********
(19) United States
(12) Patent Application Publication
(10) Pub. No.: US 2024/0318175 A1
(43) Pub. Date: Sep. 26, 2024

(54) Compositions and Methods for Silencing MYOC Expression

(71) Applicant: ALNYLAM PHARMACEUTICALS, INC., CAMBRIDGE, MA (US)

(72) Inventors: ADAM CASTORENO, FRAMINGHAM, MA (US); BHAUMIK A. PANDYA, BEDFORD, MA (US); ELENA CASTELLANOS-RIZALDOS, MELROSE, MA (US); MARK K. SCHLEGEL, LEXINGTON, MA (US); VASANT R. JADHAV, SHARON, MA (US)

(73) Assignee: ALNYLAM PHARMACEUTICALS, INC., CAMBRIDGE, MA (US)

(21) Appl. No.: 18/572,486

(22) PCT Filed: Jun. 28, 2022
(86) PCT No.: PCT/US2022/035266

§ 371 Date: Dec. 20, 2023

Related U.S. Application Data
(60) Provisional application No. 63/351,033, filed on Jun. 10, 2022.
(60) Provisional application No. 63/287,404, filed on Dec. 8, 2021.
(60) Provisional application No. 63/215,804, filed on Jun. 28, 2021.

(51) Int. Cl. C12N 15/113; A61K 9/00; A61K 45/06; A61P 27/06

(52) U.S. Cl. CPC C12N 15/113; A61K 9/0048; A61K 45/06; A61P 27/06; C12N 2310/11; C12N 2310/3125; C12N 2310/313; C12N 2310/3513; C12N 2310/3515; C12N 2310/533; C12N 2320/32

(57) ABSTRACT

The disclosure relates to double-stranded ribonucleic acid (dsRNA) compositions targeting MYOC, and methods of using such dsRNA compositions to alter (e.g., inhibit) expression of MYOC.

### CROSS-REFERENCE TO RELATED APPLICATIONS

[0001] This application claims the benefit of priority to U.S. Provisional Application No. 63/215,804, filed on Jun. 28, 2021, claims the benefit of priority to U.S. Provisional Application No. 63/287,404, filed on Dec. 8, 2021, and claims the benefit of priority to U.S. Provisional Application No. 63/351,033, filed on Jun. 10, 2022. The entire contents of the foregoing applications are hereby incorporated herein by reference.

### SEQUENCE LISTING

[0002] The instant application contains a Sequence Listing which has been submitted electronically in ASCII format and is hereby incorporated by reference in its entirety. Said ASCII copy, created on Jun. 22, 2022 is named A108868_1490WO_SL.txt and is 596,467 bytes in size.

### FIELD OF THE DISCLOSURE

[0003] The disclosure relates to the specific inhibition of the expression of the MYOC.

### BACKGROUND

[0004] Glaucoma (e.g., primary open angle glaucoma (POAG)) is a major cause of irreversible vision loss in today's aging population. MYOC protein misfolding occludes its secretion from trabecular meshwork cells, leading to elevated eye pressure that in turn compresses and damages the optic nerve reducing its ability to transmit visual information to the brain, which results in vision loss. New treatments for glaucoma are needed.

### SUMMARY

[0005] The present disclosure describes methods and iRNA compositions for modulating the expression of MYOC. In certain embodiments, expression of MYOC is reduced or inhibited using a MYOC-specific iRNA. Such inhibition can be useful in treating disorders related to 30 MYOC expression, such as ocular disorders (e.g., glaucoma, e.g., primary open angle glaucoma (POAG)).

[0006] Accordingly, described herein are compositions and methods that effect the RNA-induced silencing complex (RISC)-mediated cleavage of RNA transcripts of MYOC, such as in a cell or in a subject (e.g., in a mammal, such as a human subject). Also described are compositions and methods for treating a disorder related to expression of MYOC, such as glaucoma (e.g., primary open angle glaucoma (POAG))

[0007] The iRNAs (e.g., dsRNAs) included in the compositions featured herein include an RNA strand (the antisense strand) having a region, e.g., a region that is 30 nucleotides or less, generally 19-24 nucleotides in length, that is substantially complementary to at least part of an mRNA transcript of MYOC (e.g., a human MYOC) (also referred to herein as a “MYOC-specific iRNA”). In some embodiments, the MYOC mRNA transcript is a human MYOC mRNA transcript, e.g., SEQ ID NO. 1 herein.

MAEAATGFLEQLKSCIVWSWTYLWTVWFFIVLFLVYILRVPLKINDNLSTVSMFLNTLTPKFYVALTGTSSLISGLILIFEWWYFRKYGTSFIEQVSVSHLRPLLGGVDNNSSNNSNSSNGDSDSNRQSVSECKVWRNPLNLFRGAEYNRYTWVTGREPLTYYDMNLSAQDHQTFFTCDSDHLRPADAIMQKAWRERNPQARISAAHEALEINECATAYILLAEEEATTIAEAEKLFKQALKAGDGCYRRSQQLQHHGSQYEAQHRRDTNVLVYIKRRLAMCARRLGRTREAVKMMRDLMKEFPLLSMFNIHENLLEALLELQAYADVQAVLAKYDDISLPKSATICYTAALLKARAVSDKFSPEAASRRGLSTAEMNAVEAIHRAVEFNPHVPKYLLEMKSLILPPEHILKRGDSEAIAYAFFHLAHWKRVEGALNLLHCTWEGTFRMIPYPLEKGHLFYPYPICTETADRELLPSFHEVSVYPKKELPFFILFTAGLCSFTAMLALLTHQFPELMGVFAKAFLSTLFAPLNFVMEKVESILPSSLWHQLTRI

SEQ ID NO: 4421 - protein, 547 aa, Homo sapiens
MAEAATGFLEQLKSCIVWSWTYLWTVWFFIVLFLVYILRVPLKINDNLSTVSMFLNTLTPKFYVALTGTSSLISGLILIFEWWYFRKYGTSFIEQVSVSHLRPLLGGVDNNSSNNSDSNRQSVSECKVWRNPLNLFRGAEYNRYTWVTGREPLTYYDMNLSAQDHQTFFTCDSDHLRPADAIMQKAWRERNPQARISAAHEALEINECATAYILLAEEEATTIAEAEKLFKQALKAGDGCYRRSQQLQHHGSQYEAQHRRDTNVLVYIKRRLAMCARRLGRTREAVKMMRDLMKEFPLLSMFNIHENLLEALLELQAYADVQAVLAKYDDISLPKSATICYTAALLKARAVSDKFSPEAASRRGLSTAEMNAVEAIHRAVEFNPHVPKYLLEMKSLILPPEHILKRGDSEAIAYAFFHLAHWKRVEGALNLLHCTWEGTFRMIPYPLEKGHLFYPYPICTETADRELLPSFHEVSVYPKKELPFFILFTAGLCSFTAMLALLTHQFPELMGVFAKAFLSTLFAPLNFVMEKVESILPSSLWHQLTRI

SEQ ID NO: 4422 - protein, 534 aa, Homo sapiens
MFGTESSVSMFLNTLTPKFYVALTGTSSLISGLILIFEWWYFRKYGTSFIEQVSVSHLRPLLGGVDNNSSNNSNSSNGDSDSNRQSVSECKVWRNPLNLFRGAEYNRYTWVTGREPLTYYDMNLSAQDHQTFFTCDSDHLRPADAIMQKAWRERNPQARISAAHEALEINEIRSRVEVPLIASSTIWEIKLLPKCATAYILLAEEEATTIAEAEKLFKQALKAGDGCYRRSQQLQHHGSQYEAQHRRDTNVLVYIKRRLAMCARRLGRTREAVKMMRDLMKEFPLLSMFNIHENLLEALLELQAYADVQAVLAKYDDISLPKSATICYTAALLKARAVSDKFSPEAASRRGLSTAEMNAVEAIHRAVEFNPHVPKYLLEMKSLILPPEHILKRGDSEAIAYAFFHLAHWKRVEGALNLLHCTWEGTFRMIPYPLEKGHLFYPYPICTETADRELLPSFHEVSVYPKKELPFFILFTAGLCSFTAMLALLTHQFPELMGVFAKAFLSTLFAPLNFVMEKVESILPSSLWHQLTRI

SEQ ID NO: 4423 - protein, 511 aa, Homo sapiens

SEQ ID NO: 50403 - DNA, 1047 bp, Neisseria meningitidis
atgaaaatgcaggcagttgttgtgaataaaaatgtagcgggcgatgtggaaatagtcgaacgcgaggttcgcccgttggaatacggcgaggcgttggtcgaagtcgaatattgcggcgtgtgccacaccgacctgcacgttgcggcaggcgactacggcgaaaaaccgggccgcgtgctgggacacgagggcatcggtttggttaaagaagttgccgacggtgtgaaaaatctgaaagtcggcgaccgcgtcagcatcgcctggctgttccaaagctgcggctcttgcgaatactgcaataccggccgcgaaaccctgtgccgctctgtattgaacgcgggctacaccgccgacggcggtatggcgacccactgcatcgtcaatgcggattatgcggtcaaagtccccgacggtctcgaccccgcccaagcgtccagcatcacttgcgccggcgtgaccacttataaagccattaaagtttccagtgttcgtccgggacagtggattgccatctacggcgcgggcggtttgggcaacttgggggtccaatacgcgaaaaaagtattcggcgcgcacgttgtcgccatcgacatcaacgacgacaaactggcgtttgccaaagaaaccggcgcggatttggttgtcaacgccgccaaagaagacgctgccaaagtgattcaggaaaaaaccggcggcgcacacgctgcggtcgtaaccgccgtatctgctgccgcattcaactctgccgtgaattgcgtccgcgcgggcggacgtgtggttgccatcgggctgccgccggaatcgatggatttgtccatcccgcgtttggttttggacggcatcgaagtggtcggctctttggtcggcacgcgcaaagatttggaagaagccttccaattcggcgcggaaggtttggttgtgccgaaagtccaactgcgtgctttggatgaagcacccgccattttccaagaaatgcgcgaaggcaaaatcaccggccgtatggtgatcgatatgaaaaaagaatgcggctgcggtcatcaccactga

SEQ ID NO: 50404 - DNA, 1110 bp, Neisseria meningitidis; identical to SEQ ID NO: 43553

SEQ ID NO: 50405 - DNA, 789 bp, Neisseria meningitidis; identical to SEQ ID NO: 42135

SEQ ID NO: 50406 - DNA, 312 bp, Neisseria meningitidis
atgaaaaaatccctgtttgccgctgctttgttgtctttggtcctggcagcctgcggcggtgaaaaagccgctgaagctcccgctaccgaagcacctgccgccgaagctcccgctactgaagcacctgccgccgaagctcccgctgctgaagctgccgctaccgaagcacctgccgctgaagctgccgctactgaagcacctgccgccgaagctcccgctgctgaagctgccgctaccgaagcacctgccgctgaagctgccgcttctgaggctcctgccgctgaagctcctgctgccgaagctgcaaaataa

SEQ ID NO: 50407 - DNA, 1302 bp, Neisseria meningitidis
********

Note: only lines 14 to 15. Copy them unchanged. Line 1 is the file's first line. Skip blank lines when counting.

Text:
(60) Provisional application No. 63/351,033, filed on Jun. 10, 2022.
(60) Provisional application No. 63/287,404, filed on Dec. 8, 2021.